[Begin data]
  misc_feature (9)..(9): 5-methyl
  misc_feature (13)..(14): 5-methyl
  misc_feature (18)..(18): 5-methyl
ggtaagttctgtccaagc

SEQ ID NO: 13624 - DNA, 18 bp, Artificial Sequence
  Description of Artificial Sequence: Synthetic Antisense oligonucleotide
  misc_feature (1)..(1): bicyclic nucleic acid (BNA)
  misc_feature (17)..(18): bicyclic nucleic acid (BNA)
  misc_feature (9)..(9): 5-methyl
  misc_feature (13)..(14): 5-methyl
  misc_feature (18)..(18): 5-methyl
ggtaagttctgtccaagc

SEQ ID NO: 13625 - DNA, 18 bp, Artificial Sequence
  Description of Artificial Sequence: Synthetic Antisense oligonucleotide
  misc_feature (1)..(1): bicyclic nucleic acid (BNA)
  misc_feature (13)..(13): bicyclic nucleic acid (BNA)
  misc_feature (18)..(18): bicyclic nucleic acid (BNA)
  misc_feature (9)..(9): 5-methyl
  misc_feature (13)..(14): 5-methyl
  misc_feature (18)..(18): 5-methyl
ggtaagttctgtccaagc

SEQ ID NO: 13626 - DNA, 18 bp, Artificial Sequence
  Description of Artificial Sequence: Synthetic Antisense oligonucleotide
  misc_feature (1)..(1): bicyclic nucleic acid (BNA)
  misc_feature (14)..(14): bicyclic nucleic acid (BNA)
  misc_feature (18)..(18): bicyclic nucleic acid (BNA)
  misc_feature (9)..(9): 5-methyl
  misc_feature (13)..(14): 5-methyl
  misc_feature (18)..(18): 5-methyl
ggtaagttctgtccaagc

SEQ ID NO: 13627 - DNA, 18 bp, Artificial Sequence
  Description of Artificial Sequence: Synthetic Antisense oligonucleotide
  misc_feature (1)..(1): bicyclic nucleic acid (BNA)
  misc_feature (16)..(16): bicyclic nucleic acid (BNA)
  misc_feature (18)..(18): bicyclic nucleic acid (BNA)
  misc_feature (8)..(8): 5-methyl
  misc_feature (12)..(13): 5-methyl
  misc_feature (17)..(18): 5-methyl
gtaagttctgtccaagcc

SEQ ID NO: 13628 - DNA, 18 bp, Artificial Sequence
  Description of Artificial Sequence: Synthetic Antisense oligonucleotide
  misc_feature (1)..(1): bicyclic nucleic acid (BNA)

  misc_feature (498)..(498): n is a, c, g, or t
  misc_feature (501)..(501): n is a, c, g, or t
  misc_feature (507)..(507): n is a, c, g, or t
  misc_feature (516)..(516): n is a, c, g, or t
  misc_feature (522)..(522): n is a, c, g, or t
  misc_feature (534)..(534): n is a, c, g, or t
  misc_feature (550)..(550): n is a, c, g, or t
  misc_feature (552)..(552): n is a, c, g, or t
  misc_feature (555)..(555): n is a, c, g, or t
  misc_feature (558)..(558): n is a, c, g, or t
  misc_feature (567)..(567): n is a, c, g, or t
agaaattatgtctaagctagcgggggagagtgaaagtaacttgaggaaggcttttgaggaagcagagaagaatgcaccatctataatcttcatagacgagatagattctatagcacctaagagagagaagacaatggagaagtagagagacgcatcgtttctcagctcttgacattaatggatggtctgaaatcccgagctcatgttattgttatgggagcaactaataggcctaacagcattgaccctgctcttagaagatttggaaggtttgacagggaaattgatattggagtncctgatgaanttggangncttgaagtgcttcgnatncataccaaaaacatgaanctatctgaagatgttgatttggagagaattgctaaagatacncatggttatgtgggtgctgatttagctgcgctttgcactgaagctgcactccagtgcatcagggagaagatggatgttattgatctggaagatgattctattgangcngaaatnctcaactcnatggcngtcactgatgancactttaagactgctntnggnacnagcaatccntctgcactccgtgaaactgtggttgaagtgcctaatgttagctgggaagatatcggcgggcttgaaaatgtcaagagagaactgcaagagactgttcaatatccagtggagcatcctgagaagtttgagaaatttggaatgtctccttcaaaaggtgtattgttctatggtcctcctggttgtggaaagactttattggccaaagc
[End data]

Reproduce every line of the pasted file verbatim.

  misc_feature (9)..(9): 5-methyl
  misc_feature (13)..(14): 5-methyl
  misc_feature (18)..(18): 5-methyl
ggtaagttctgtccaagc

SEQ ID NO: 13624 - DNA, 18 bp, Artificial Sequence
  Description of Artificial Sequence: Synthetic Antisense oligonucleotide
  misc_feature (1)..(1): bicyclic nucleic acid (BNA)
  misc_feature (17)..(18): bicyclic nucleic acid (BNA)
  misc_feature (9)..(9): 5-methyl
  misc_feature (13)..(14): 5-methyl
  misc_feature (18)..(18): 5-methyl
ggtaagttctgtccaagc

SEQ ID NO: 13625 - DNA, 18 bp, Artificial Sequence
  Description of Artificial Sequence: Synthetic Antisense oligonucleotide
  misc_feature (1)..(1): bicyclic nucleic acid (BNA)
  misc_feature (13)..(13): bicyclic nucleic acid (BNA)
  misc_feature (18)..(18): bicyclic nucleic acid (BNA)
  misc_feature (9)..(9): 5-methyl
  misc_feature (13)..(14): 5-methyl
  misc_feature (18)..(18): 5-methyl
ggtaagttctgtccaagc

SEQ ID NO: 13626 - DNA, 18 bp, Artificial Sequence
  Description of Artificial Sequence: Synthetic Antisense oligonucleotide
  misc_feature (1)..(1): bicyclic nucleic acid (BNA)
  misc_feature (14)..(14): bicyclic nucleic acid (BNA)
  misc_feature (18)..(18): bicyclic nucleic acid (BNA)
  misc_feature (9)..(9): 5-methyl
  misc_feature (13)..(14): 5-methyl
  misc_feature (18)..(18): 5-methyl
ggtaagttctgtccaagc

SEQ ID NO: 13627 - DNA, 18 bp, Artificial Sequence
  Description of Artificial Sequence: Synthetic Antisense oligonucleotide
  misc_feature (1)..(1): bicyclic nucleic acid (BNA)
  misc_feature (16)..(16): bicyclic nucleic acid (BNA)
  misc_feature (18)..(18): bicyclic nucleic acid (BNA)
  misc_feature (8)..(8): 5-methyl
  misc_feature (12)..(13): 5-methyl
  misc_feature (17)..(18): 5-methyl
gtaagttctgtccaagcc

SEQ ID NO: 13628 - DNA, 18 bp, Artificial Sequence
  Description of Artificial Sequence: Synthetic Antisense oligonucleotide
  misc_feature (1)..(1): bicyclic nucleic acid (BNA)

  misc_feature (498)..(498): n is a, c, g, or t
  misc_feature (501)..(501): n is a, c, g, or t
  misc_feature (507)..(507): n is a, c, g, or t
  misc_feature (516)..(516): n is a, c, g, or t
  misc_feature (522)..(522): n is a, c, g, or t
  misc_feature (534)..(534): n is a, c, g, or t
  misc_feature (550)..(550): n is a, c, g, or t
  misc_feature (552)..(552): n is a, c, g, or t
  misc_feature (555)..(555): n is a, c, g, or t
  misc_feature (558)..(558): n is a, c, g, or t
  misc_feature (567)..(567): n is a, c, g, or t
agaaattatgtctaagctagcgggggagagtgaaagtaacttgaggaaggcttttgaggaagcagagaagaatgcaccatctataatcttcatagacgagatagattctatagcacctaagagagagaagacaatggagaagtagagagacgcatcgtttctcagctcttgacattaatggatggtctgaaatcccgagctcatgttattgttatgggagcaactaataggcctaacagcattgaccctgctcttagaagatttggaaggtttgacagggaaattgatattggagtncctgatgaanttggangncttgaagtgcttcgnatncataccaaaaacatgaanctatctgaagatgttgatttggagagaattgctaaagatacncatggttatgtgggtgctgatttagctgcgctttgcactgaagctgcactccagtgcatcagggagaagatggatgttattgatctggaagatgattctattgangcngaaatnctcaactcnatggcngtcactgatgancactttaagactgctntnggnacnagcaatccntctgcactccgtgaaactgtggttgaagtgcctaatgttagctgggaagatatcggcgggcttgaaaatgtcaagagagaactgcaagagactgttcaatatccagtggagcatcctgagaagtttgagaaatttggaatgtctccttcaaaaggtgtattgttctatggtcctcctggttgtggaaagactttattggccaaagc